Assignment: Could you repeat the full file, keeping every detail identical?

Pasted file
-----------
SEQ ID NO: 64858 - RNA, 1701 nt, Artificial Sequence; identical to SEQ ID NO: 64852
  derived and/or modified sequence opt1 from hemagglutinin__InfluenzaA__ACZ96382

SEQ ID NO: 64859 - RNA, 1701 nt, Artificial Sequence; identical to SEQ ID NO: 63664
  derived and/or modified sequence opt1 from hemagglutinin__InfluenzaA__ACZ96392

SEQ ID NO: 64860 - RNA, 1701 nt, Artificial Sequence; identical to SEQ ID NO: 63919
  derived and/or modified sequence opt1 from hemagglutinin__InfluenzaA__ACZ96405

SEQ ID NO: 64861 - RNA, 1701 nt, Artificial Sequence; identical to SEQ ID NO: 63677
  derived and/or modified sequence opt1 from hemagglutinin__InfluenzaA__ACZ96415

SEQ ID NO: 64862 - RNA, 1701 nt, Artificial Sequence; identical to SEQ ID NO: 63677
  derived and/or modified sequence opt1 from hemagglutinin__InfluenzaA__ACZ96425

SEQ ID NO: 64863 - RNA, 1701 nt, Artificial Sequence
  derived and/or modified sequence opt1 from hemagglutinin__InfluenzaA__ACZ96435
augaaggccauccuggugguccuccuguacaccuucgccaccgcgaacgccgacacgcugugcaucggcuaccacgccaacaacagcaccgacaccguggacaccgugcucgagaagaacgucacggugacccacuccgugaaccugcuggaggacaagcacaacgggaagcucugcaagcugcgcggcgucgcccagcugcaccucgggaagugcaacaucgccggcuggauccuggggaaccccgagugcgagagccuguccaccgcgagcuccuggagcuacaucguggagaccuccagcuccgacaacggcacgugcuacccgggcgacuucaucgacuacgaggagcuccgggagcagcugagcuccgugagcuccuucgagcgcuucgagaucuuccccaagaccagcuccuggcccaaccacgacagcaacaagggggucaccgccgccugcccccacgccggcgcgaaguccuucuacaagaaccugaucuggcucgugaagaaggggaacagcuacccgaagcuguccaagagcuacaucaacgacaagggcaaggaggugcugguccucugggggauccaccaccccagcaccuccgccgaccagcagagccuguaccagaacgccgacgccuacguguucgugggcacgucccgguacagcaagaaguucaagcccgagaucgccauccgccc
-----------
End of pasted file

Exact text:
SEQ ID NO: 64858 - RNA, 1701 nt, Artificial Sequence; identical to SEQ ID NO: 64852
  derived and/or modified sequence opt1 from hemagglutinin__InfluenzaA__ACZ96382

SEQ ID NO: 64859 - RNA, 1701 nt, Artificial Sequence; identical to SEQ ID NO: 63664
  derived and/or modified sequence opt1 from hemagglutinin__InfluenzaA__ACZ96392

SEQ ID NO: 64860 - RNA, 1701 nt, Artificial Sequence; identical to SEQ ID NO: 63919
  derived and/or modified sequence opt1 from hemagglutinin__InfluenzaA__ACZ96405

SEQ ID NO: 64861 - RNA, 1701 nt, Artificial Sequence; identical to SEQ ID NO: 63677
  derived and/or modified sequence opt1 from hemagglutinin__InfluenzaA__ACZ96415

SEQ ID NO: 64862 - RNA, 1701 nt, Artificial Sequence; identical to SEQ ID NO: 63677
  derived and/or modified sequence opt1 from hemagglutinin__InfluenzaA__ACZ96425

SEQ ID NO: 64863 - RNA, 1701 nt, Artificial Sequence
  derived and/or modified sequence opt1 from hemagglutinin__InfluenzaA__ACZ96435
augaaggccauccuggugguccuccuguacaccuucgccaccgcgaacgccgacacgcugugcaucggcuaccacgccaacaacagcaccgacaccguggacaccgugcucgagaagaacgucacggugacccacuccgugaaccugcuggaggacaagcacaacgggaagcucugcaagcugcgcggcgucgcccagcugcaccucgggaagugcaacaucgccggcuggauccuggggaaccccgagugcgagagccuguccaccgcgagcuccuggagcuacaucguggagaccuccagcuccgacaacggcacgugcuacccgggcgacuucaucgacuacgaggagcuccgggagcagcugagcuccgugagcuccuucgagcgcuucgagaucuuccccaagaccagcuccuggcccaaccacgacagcaacaagggggucaccgccgccugcccccacgccggcgcgaaguccuucuacaagaaccugaucuggcucgugaagaaggggaacagcuacccgaagcuguccaagagcuacaucaacgacaagggcaaggaggugcugguccucugggggauccaccaccccagcaccuccgccgaccagcagagccuguaccagaacgccgacgccuacguguucgugggcacgucccgguacagcaagaaguucaagcccgagaucgccauccgccc